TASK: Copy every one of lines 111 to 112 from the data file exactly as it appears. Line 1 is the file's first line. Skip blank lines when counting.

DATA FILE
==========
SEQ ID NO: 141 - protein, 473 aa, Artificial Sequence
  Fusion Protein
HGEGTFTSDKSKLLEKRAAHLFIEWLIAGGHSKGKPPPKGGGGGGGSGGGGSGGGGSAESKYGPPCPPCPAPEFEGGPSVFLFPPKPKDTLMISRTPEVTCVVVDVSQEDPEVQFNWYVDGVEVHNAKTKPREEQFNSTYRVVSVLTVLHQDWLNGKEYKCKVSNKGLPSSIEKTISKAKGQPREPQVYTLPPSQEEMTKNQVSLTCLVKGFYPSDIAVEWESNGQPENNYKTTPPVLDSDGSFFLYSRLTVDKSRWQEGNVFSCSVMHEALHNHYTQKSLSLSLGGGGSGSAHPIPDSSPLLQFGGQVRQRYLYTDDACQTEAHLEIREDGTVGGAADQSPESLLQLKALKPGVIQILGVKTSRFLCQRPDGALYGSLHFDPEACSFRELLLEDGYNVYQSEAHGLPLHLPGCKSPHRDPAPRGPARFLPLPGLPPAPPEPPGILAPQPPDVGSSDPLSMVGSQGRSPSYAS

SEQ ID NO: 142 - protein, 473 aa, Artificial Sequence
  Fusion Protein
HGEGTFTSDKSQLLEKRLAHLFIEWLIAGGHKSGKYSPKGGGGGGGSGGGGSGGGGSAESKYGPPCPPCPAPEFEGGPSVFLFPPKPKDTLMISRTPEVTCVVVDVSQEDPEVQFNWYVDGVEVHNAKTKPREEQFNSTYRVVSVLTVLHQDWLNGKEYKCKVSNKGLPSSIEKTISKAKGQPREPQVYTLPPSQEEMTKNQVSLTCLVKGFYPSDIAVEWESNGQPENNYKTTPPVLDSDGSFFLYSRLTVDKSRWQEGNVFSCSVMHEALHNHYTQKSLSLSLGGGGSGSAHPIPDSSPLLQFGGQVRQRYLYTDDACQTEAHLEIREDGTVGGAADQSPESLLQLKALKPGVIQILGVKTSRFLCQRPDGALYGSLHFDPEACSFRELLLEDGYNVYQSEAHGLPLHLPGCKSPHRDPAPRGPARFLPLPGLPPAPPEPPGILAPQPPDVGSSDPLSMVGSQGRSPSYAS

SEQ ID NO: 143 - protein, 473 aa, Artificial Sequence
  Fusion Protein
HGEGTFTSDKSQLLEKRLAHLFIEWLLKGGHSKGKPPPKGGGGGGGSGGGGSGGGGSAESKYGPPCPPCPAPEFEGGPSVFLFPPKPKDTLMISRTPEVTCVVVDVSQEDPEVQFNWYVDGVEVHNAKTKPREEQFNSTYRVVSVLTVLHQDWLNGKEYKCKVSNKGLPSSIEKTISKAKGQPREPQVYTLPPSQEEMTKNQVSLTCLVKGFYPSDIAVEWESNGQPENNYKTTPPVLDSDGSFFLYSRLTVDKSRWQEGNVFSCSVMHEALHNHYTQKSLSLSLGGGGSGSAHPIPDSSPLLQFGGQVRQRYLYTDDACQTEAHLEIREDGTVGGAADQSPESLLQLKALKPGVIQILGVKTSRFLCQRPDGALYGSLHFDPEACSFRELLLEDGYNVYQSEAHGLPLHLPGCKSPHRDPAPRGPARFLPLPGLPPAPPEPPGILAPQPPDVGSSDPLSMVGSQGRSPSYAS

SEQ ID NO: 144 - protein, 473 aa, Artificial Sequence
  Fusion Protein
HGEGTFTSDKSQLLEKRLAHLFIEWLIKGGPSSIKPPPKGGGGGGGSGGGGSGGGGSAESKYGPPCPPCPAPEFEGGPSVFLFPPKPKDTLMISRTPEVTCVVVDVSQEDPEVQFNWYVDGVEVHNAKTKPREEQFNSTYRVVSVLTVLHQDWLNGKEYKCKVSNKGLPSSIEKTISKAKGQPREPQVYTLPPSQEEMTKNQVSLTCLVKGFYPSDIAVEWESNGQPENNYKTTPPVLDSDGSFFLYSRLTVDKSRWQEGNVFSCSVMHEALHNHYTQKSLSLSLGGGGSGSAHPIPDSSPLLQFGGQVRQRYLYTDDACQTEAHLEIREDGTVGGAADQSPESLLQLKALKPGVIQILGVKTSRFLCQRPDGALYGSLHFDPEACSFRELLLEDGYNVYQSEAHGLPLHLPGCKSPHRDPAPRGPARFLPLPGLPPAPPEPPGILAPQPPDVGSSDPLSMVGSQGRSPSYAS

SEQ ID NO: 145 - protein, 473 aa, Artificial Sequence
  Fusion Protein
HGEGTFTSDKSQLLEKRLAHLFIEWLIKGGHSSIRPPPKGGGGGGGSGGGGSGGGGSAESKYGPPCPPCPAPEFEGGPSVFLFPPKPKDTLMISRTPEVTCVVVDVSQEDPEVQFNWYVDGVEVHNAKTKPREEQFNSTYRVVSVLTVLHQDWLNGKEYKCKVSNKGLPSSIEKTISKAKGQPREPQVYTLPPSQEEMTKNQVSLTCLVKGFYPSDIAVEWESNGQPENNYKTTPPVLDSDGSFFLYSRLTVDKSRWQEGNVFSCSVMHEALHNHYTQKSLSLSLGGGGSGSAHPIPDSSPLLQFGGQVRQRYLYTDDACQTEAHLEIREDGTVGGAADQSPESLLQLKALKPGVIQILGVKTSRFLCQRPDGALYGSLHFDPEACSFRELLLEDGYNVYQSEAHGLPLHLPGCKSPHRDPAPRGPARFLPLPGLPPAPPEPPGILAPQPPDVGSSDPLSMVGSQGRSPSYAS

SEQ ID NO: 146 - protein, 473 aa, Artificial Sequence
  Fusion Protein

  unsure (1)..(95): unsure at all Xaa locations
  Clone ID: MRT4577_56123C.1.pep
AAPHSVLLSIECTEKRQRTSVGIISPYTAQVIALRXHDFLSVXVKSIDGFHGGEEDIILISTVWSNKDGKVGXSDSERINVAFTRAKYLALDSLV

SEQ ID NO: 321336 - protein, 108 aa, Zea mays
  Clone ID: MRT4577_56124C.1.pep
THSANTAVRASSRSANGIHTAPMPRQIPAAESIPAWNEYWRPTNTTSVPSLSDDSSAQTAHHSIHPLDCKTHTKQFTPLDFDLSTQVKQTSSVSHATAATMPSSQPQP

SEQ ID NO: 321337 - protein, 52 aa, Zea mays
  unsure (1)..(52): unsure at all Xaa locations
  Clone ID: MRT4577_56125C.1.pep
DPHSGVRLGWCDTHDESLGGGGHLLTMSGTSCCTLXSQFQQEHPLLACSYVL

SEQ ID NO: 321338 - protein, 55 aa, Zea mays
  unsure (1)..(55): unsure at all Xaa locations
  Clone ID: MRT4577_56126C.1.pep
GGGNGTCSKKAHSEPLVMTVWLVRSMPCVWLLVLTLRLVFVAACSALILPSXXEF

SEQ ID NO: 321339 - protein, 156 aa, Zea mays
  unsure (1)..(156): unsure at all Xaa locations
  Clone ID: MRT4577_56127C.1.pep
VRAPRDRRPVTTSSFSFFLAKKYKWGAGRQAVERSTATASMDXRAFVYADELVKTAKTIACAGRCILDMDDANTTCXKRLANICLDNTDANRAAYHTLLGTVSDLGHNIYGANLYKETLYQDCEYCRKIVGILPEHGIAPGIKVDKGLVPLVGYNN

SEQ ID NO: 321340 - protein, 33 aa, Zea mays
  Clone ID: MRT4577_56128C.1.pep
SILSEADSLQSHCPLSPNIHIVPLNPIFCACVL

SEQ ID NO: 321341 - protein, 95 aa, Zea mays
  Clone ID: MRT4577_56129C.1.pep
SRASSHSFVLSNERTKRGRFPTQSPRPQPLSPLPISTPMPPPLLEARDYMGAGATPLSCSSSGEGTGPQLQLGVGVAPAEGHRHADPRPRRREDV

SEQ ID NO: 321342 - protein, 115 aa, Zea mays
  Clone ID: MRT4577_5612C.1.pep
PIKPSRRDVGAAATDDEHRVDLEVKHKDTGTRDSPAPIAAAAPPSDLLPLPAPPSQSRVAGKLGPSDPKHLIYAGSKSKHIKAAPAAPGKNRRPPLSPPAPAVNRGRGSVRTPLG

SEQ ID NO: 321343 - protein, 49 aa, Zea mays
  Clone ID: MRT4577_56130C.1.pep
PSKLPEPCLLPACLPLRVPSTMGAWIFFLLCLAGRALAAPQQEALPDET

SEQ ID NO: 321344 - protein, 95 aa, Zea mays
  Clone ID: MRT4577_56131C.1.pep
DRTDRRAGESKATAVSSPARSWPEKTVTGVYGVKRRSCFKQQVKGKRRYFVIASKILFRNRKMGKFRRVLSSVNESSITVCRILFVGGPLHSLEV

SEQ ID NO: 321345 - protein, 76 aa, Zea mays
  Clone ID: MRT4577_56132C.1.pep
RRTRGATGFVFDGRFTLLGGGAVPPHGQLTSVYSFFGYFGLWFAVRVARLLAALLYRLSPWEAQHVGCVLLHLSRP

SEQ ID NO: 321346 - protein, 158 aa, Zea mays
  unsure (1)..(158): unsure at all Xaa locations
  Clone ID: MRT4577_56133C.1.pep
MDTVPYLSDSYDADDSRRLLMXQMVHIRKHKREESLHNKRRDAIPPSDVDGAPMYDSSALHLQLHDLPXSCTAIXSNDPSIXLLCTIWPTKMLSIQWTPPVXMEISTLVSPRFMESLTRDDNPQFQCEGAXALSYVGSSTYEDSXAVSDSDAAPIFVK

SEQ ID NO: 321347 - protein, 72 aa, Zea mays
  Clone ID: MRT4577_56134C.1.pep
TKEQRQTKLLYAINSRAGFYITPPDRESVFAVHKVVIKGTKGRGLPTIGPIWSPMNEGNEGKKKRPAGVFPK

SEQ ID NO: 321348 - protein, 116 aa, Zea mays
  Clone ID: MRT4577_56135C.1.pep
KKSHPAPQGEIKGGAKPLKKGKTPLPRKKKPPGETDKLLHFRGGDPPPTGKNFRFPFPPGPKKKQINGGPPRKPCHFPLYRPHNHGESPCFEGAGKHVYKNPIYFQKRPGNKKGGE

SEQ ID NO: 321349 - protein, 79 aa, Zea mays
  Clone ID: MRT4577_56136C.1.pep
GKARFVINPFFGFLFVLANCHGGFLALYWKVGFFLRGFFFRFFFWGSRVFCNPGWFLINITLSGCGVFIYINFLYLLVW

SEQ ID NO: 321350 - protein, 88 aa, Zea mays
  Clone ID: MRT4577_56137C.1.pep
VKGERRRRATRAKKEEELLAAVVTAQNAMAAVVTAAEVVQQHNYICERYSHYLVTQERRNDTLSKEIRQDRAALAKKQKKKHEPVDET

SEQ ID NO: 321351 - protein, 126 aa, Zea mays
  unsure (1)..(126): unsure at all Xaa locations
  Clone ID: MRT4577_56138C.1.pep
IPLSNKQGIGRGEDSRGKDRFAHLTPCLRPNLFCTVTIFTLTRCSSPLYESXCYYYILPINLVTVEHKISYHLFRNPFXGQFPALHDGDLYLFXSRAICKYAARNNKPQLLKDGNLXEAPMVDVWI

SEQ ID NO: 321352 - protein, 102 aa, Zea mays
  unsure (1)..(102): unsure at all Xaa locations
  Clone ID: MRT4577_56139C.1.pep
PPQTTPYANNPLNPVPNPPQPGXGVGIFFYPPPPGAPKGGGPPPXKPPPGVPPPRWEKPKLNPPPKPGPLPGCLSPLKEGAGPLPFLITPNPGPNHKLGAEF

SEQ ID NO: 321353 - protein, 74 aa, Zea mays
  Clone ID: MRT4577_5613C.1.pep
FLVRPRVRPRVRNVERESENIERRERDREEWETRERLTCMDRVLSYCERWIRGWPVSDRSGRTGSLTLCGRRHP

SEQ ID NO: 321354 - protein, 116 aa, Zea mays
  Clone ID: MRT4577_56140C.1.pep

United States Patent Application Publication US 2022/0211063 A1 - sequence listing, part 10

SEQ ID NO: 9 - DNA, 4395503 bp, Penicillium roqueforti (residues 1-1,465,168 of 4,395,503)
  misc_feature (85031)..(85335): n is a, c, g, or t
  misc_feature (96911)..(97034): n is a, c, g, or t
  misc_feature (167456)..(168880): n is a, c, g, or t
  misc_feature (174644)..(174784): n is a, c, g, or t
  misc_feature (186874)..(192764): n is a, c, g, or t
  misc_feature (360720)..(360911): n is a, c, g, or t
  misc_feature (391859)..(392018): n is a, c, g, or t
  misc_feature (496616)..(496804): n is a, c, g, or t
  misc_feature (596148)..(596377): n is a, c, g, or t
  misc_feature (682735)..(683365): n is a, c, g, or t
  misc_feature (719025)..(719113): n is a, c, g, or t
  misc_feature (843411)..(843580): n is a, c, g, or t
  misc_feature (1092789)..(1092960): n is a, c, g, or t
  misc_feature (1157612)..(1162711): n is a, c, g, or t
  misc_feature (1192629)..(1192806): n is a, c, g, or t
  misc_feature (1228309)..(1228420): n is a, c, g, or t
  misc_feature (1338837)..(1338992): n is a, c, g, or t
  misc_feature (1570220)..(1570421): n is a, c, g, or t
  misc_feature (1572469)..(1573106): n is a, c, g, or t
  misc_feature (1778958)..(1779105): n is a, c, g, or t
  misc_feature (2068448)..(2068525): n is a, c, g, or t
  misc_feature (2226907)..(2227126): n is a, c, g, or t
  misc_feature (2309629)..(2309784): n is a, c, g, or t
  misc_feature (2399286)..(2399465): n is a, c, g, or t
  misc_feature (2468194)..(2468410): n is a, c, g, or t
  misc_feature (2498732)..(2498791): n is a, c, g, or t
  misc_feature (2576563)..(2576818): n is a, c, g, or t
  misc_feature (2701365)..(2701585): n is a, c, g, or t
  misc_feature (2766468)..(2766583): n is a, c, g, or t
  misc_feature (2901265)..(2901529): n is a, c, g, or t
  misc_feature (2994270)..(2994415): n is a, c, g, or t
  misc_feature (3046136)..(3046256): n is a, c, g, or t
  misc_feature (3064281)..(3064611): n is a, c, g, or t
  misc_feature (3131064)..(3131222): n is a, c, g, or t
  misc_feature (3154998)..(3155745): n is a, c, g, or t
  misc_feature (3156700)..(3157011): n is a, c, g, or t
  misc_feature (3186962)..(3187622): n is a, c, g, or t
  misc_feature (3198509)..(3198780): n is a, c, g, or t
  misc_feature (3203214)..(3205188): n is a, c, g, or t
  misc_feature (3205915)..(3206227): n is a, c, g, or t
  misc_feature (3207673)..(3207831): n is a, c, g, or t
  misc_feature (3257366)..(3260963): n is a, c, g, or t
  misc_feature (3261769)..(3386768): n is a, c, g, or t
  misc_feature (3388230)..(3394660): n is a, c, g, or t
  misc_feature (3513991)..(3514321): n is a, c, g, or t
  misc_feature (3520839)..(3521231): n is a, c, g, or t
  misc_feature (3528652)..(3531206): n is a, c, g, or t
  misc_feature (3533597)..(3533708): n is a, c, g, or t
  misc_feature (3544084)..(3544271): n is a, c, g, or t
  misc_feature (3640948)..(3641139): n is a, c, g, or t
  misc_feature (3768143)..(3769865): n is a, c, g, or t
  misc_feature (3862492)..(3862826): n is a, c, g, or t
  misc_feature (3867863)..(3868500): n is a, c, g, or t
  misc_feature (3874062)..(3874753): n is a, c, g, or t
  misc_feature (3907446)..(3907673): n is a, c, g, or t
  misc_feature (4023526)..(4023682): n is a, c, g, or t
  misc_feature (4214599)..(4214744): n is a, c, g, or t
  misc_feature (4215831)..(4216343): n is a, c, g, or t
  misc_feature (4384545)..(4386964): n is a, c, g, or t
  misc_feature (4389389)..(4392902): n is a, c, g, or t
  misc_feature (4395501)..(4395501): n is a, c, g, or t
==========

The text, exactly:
  misc_feature (2576563)..(2576818): n is a, c, g, or t
  misc_feature (2701365)..(2701585): n is a, c, g, or t